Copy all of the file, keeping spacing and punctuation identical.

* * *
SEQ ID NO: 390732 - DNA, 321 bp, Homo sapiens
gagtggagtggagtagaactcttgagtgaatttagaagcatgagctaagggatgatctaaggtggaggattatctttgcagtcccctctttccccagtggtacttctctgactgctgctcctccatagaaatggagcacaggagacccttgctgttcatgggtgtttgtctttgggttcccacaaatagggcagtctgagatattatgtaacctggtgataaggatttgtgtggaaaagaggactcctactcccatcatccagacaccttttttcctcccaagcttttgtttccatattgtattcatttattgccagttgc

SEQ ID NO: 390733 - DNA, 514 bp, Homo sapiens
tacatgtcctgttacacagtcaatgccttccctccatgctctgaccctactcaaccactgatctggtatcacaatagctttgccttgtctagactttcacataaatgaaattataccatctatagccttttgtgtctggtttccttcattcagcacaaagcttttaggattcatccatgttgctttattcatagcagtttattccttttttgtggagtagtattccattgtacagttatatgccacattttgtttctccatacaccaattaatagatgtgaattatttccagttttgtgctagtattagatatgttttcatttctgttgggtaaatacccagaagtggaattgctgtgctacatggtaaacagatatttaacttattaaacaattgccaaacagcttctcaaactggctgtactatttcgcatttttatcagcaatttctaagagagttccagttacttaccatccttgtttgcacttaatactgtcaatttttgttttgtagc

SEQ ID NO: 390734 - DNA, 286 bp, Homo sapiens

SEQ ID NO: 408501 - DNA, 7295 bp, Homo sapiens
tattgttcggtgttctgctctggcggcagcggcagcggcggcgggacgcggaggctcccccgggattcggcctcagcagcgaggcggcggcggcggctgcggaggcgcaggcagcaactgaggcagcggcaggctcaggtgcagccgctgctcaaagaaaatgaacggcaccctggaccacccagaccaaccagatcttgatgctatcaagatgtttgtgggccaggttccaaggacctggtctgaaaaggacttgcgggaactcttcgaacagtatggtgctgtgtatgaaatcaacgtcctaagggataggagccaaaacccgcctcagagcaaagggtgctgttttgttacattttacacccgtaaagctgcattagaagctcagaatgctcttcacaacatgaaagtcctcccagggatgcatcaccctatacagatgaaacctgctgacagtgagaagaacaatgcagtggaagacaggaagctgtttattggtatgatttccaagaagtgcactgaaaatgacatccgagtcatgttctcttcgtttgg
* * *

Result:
SEQ ID NO: 390732 - DNA, 321 bp, Homo sapiens
gagtggagtggagtagaactcttgagtgaatttagaagcatgagctaagggatgatctaaggtggaggattatctttgcagtcccctctttccccagtggtacttctctgactgctgctcctccatagaaatggagcacaggagacccttgctgttcatgggtgtttgtctttgggttcccacaaatagggcagtctgagatattatgtaacctggtgataaggatttgtgtggaaaagaggactcctactcccatcatccagacaccttttttcctcccaagcttttgtttccatattgtattcatttattgccagttgc

SEQ ID NO: 390733 - DNA, 514 bp, Homo sapiens
tacatgtcctgttacacagtcaatgccttccctccatgctctgaccctactcaaccactgatctggtatcacaatagctttgccttgtctagactttcacataaatgaaattataccatctatagccttttgtgtctggtttccttcattcagcacaaagcttttaggattcatccatgttgctttattcatagcagtttattccttttttgtggagtagtattccattgtacagttatatgccacattttgtttctccatacaccaattaatagatgtgaattatttccagttttgtgctagtattagatatgttttcatttctgttgggtaaatacccagaagtggaattgctgtgctacatggtaaacagatatttaacttattaaacaattgccaaacagcttctcaaactggctgtactatttcgcatttttatcagcaatttctaagagagttccagttacttaccatccttgtttgcacttaatactgtcaatttttgttttgtagc

SEQ ID NO: 390734 - DNA, 286 bp, Homo sapiens

SEQ ID NO: 408501 - DNA, 7295 bp, Homo sapiens
tattgttcggtgttctgctctggcggcagcggcagcggcggcgggacgcggaggctcccccgggattcggcctcagcagcgaggcggcggcggcggctgcggaggcgcaggcagcaactgaggcagcggcaggctcaggtgcagccgctgctcaaagaaaatgaacggcaccctggaccacccagaccaaccagatcttgatgctatcaagatgtttgtgggccaggttccaaggacctggtctgaaaaggacttgcgggaactcttcgaacagtatggtgctgtgtatgaaatcaacgtcctaagggataggagccaaaacccgcctcagagcaaagggtgctgttttgttacattttacacccgtaaagctgcattagaagctcagaatgctcttcacaacatgaaagtcctcccagggatgcatcaccctatacagatgaaacctgctgacagtgagaagaacaatgcagtggaagacaggaagctgtttattggtatgatttccaagaagtgcactgaaaatgacatccgagtcatgttctcttcgtttgg